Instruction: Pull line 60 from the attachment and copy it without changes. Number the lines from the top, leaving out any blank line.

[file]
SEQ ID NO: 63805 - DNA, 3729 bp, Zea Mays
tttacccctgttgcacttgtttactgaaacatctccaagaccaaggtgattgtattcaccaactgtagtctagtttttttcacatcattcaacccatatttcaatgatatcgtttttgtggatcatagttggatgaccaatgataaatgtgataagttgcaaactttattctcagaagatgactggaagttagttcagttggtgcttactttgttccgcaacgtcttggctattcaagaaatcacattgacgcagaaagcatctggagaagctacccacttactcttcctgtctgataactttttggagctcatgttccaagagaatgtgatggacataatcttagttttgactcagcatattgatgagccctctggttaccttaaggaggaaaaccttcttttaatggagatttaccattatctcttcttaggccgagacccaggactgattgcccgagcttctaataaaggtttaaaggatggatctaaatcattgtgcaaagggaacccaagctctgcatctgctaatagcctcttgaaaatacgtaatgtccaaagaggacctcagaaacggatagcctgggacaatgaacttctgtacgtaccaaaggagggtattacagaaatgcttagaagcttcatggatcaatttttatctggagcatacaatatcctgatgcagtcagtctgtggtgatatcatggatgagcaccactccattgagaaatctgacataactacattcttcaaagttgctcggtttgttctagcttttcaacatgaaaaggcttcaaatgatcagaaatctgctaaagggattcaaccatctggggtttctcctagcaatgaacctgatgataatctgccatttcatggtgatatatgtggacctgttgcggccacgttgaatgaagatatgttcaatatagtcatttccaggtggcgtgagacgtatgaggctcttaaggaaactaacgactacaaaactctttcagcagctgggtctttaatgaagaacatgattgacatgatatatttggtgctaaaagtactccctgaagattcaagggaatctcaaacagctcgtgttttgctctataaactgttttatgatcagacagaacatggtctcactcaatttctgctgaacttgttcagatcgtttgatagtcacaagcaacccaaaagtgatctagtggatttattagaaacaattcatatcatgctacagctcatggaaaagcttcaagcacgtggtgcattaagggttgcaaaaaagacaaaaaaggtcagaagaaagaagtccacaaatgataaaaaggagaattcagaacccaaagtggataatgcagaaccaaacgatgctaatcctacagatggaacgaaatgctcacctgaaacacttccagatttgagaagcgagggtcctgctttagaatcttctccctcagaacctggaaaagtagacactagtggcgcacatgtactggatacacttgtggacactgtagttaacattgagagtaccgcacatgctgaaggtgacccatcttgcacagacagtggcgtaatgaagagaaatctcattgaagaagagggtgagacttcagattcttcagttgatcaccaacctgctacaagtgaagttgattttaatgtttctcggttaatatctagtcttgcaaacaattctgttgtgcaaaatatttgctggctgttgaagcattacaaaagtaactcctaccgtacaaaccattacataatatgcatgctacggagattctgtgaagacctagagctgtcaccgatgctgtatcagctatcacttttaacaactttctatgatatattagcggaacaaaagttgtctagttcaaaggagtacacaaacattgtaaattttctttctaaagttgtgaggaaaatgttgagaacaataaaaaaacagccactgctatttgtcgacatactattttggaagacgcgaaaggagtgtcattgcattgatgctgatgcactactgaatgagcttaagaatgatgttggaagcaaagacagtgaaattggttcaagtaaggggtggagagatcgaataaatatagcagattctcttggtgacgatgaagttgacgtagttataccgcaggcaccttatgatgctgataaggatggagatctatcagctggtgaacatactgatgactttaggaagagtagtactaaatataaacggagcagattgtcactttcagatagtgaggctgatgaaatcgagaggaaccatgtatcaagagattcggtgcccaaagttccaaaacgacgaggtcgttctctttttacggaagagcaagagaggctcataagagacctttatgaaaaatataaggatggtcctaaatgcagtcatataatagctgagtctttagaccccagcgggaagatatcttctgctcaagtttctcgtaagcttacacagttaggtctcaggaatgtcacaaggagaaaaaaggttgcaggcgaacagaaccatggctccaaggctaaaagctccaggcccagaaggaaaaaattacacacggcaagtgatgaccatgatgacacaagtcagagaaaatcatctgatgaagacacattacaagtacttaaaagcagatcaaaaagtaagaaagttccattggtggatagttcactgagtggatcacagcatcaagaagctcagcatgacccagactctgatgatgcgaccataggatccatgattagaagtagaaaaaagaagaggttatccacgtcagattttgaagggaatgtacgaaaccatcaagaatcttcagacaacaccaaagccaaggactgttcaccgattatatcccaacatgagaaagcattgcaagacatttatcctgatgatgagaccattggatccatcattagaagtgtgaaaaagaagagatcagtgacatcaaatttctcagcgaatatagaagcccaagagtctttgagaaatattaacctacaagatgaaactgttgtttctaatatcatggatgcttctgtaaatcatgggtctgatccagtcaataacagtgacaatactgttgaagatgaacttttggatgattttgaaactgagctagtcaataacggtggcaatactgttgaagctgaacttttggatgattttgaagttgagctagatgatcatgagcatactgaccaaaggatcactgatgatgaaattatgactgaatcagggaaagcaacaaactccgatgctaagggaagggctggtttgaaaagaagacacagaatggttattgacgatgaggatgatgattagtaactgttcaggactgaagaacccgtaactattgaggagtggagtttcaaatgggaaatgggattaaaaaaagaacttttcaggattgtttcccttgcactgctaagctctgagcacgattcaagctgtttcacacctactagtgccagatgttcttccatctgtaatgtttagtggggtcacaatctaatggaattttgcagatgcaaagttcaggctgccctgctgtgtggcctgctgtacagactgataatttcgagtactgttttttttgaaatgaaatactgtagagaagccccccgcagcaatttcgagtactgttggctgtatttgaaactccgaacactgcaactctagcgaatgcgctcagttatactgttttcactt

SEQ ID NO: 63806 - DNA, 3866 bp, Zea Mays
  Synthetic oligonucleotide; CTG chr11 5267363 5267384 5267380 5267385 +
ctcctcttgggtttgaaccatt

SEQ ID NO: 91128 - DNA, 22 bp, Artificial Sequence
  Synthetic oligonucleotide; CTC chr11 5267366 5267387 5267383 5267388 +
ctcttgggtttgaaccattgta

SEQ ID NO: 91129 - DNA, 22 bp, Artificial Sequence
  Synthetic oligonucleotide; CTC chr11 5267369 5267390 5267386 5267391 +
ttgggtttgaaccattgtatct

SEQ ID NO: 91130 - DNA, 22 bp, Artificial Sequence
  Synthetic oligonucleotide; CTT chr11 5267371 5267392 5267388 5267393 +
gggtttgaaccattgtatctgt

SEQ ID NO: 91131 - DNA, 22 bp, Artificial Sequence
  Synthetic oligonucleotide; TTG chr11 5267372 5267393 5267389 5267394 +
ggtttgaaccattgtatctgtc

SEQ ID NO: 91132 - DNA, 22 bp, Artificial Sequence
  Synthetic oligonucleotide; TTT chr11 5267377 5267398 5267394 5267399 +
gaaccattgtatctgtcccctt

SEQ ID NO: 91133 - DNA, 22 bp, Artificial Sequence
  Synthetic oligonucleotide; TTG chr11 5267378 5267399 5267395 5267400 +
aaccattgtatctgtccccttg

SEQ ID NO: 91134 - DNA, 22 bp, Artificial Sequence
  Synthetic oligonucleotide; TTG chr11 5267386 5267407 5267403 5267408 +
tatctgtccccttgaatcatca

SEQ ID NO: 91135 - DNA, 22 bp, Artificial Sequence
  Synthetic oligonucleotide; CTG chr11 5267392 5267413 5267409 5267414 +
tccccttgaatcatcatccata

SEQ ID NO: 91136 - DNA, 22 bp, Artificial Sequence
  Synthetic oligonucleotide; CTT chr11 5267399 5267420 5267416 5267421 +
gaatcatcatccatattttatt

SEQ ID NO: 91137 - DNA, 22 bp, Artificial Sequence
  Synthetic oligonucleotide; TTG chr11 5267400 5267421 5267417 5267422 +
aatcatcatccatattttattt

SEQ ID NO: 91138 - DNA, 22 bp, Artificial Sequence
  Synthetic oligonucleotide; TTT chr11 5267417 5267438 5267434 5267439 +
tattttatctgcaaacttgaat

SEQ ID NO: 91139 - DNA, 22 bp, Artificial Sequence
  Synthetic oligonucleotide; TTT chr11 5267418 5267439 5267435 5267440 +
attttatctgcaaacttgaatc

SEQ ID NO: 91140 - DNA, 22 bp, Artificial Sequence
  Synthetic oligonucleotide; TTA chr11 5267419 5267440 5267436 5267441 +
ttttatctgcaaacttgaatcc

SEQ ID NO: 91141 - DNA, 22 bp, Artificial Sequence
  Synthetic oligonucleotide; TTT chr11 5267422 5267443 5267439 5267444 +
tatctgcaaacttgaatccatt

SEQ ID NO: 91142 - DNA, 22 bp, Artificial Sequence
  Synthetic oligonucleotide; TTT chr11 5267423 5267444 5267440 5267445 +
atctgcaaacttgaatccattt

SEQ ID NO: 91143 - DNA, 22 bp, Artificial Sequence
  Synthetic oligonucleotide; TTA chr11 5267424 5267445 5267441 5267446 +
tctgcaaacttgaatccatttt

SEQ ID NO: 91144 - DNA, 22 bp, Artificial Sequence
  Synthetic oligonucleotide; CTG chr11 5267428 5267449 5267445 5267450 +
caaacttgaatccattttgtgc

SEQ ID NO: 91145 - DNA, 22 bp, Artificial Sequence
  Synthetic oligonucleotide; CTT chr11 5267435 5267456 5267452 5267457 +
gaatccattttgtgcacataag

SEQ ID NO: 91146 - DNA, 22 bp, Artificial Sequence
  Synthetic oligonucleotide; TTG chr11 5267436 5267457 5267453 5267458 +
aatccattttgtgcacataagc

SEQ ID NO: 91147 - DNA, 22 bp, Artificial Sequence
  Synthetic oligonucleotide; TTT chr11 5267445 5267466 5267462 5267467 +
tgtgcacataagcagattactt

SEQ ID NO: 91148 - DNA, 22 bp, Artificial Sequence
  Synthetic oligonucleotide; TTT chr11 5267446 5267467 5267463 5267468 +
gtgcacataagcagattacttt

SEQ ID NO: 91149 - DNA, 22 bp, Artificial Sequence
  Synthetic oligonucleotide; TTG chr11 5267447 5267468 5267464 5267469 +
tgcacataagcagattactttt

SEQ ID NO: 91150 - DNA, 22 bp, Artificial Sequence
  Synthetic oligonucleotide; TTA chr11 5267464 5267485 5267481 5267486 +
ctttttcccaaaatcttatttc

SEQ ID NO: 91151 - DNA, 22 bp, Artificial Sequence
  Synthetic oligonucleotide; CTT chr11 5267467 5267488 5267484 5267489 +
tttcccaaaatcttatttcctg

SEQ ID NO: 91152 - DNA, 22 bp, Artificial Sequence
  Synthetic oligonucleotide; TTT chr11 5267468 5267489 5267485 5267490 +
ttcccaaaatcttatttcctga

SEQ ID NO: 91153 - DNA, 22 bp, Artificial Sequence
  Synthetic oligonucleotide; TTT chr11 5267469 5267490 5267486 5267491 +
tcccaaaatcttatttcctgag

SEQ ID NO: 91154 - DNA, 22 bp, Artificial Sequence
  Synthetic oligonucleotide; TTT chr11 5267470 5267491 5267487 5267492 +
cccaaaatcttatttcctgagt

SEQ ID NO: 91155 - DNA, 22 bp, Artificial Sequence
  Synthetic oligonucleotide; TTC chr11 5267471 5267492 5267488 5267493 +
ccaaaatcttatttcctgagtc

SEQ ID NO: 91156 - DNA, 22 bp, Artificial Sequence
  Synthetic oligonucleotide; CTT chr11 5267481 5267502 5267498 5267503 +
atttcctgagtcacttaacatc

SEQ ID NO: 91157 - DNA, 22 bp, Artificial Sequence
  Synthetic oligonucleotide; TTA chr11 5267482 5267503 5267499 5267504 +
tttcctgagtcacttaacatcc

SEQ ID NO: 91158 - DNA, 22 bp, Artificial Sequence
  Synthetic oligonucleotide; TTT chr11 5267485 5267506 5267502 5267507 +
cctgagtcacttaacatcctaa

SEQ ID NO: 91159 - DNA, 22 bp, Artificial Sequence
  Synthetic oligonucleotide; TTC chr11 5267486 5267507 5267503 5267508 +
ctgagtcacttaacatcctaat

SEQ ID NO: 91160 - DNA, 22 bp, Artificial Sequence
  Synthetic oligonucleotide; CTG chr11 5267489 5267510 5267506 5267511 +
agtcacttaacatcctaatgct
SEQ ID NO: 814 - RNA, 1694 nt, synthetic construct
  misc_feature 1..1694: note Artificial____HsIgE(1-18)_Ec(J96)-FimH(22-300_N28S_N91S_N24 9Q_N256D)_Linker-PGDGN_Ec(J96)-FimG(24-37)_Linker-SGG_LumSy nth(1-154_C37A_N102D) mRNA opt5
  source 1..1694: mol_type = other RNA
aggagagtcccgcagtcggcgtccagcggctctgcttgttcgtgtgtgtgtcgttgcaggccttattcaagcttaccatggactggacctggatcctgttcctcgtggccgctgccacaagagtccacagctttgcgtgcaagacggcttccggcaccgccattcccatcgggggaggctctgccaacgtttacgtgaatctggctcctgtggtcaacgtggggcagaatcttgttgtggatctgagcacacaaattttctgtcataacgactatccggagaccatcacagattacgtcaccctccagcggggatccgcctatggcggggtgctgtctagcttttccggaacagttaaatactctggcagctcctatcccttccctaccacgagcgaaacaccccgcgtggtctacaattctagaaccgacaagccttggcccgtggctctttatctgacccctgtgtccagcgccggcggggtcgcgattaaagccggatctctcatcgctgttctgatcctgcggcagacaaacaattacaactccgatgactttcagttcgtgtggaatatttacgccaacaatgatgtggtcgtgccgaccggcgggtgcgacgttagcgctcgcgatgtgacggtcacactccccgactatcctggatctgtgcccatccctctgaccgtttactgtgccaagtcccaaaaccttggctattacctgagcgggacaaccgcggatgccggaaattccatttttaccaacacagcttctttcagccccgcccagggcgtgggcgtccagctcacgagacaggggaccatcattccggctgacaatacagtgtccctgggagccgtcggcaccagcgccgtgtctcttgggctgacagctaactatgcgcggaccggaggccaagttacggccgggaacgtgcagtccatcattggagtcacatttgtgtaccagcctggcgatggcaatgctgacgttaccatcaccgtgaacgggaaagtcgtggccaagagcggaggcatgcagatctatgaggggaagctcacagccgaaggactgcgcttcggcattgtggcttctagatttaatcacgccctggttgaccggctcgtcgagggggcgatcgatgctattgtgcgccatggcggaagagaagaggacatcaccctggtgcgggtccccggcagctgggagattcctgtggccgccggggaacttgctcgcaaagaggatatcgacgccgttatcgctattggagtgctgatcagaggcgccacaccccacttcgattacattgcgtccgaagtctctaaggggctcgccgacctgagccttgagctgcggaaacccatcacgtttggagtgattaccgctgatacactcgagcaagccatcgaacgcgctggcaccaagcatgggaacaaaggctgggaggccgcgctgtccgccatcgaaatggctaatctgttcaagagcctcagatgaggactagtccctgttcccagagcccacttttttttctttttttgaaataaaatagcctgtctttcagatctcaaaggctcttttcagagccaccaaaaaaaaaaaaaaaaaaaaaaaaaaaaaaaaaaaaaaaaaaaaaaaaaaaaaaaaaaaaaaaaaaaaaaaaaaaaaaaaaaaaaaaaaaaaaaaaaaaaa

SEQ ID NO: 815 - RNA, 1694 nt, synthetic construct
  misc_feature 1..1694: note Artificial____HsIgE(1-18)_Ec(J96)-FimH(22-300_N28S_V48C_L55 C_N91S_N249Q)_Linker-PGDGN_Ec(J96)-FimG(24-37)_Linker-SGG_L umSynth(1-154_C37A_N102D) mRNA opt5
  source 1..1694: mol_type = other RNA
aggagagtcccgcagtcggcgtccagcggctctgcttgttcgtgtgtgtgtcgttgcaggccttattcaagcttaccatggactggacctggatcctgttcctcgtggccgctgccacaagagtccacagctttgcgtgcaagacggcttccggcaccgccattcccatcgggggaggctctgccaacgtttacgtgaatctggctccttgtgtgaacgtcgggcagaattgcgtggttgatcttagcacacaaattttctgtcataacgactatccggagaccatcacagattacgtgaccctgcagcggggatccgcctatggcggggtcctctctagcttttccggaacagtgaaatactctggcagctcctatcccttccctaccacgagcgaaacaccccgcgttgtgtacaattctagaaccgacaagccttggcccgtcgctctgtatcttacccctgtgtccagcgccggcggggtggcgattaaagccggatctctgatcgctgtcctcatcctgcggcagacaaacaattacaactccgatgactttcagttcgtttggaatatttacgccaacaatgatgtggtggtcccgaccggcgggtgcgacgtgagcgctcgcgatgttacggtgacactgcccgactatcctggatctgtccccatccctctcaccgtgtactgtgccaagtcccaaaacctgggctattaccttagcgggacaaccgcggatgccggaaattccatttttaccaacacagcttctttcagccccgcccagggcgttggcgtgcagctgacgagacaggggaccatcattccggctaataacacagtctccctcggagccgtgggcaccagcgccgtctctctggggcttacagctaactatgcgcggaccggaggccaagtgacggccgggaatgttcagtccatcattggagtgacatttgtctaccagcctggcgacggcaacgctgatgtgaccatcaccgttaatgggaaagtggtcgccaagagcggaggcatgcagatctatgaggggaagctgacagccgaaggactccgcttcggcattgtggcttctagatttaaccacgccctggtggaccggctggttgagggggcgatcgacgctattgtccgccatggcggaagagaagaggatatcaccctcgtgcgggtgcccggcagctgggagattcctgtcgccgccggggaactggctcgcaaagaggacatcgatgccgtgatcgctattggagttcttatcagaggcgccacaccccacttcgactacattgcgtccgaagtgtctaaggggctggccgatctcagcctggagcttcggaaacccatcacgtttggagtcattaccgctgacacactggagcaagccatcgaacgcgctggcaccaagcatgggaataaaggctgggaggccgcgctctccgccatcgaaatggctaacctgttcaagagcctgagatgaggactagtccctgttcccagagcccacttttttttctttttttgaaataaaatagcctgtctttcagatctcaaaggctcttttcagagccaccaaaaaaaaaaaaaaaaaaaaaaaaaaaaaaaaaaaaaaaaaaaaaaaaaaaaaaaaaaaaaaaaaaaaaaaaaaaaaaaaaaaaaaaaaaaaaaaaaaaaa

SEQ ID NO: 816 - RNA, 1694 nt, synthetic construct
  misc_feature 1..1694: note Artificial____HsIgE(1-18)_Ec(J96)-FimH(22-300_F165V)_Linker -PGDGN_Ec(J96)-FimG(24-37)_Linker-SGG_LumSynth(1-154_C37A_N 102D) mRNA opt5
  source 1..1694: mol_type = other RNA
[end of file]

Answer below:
SEQ ID NO: 91146 - DNA, 22 bp, Artificial Sequence